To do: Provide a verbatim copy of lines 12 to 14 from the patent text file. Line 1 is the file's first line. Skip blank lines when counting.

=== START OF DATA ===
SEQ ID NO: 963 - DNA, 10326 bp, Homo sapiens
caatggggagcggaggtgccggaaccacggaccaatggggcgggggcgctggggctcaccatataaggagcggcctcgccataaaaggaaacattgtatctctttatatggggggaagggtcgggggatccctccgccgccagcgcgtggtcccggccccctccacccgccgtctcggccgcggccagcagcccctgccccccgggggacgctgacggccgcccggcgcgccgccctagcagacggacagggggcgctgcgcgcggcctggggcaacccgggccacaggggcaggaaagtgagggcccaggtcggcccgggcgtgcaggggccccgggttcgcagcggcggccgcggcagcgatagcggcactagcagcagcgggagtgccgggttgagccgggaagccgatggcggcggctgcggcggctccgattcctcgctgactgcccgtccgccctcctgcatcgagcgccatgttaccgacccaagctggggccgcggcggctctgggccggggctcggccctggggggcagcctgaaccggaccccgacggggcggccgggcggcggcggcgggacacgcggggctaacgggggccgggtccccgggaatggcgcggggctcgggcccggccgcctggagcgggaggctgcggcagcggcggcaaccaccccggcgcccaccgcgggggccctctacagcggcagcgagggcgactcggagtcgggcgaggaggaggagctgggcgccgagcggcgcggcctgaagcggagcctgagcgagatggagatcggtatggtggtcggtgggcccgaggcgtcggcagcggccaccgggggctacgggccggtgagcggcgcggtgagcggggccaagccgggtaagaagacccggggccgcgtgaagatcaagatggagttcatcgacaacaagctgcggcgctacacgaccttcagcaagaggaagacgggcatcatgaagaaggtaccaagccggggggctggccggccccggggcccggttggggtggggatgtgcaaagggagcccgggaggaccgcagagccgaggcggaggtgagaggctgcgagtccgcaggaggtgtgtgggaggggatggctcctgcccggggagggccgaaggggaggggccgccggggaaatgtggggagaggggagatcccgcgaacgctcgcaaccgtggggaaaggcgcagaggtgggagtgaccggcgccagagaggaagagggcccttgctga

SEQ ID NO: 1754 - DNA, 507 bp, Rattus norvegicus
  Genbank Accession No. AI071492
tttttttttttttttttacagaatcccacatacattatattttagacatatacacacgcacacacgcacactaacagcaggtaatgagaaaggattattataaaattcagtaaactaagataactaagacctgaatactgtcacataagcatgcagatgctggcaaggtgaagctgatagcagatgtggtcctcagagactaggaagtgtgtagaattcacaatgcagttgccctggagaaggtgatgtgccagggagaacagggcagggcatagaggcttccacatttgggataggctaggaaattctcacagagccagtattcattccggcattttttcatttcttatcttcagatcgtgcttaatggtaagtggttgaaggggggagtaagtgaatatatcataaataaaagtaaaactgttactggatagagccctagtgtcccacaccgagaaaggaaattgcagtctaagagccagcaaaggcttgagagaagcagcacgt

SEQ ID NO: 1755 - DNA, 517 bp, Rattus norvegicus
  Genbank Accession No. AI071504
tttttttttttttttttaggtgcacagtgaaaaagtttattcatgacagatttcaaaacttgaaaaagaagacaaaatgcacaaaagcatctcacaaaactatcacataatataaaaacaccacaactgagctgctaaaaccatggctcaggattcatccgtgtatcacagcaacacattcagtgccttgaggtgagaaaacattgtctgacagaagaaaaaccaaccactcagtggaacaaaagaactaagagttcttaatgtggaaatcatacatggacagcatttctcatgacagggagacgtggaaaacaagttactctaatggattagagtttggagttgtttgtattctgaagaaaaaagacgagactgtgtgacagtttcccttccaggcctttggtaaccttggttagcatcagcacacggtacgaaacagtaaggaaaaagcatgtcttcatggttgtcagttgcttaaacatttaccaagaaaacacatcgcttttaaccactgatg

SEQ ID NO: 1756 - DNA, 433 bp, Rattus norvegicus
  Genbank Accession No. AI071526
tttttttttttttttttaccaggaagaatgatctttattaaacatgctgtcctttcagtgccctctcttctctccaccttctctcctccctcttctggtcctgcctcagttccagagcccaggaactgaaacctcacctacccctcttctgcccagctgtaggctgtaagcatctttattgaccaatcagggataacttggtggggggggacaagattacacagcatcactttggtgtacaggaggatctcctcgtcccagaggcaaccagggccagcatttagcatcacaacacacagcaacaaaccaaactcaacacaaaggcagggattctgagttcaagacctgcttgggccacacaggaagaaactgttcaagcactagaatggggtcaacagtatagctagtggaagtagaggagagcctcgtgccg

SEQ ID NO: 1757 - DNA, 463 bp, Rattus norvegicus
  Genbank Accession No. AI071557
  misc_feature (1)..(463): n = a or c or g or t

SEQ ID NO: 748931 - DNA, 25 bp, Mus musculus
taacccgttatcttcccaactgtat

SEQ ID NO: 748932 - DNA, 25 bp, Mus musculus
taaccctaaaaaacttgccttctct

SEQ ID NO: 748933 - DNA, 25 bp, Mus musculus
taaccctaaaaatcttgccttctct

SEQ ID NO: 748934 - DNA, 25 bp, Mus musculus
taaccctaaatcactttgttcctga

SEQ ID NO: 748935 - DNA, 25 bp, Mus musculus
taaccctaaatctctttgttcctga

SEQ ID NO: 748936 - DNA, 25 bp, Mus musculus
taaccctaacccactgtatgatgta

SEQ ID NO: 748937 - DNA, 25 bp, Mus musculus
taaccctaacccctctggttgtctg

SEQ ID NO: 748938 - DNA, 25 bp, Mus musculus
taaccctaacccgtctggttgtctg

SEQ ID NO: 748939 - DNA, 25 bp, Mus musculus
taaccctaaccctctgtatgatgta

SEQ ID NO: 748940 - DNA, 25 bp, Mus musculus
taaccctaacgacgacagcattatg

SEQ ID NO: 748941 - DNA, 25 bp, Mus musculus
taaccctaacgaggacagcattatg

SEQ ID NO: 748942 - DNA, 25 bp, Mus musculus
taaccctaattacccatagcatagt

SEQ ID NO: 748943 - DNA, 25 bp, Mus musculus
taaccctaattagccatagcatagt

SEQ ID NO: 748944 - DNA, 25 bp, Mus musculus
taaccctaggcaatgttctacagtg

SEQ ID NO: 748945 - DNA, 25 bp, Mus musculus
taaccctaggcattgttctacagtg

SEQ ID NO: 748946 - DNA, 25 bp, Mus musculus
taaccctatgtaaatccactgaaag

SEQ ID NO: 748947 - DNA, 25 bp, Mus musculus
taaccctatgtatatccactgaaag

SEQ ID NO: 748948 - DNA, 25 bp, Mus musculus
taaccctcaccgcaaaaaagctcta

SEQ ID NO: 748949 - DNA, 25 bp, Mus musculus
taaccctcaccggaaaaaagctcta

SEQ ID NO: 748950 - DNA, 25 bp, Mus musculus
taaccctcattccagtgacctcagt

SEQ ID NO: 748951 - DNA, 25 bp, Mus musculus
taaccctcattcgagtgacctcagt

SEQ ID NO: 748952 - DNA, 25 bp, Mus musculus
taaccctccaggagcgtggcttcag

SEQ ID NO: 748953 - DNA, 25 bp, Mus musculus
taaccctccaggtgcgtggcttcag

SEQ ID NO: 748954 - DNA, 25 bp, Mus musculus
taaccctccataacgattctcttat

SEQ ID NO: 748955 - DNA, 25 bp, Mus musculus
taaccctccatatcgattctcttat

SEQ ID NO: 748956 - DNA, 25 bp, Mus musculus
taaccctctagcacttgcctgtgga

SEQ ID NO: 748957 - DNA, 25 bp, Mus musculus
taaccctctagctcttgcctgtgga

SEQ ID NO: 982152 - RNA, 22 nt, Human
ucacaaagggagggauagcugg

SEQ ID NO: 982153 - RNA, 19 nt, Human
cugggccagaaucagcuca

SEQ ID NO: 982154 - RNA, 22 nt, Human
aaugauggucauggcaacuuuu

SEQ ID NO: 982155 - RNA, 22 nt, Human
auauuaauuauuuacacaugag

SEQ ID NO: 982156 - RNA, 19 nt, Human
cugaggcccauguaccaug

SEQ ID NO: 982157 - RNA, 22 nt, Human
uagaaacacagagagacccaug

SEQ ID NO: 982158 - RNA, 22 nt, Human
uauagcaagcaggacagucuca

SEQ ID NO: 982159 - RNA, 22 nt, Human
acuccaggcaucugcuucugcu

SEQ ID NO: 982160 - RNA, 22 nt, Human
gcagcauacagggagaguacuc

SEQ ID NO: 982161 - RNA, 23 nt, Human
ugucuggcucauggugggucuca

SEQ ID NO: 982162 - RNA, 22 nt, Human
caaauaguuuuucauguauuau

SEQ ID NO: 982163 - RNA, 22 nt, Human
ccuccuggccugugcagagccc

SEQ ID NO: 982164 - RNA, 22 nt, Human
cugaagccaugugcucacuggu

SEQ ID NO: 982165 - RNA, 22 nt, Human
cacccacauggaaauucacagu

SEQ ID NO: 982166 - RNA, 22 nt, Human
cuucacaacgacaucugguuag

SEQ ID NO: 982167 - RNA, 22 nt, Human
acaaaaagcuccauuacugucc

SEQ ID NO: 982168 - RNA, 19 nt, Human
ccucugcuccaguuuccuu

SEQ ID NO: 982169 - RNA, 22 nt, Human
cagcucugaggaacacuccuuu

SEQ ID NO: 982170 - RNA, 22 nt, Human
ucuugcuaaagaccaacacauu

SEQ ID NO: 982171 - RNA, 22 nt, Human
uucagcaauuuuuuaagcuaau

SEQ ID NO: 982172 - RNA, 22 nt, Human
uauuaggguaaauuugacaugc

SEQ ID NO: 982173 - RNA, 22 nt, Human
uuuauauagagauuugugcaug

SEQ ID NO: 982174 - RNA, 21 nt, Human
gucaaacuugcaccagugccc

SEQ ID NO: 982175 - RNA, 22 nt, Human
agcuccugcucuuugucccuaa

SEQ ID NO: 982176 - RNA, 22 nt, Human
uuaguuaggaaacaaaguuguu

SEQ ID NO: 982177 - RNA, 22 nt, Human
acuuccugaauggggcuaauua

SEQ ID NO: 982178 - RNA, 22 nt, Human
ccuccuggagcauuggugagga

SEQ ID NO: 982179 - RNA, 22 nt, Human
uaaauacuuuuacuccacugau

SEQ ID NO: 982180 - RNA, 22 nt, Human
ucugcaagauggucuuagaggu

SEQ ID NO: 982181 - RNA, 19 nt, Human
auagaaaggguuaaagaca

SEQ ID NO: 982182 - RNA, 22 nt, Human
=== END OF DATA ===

SEQ ID NO: 1757 - DNA, 463 bp, Rattus norvegicus
  Genbank Accession No. AI071557
  misc_feature (1)..(463): n = a or c or g or t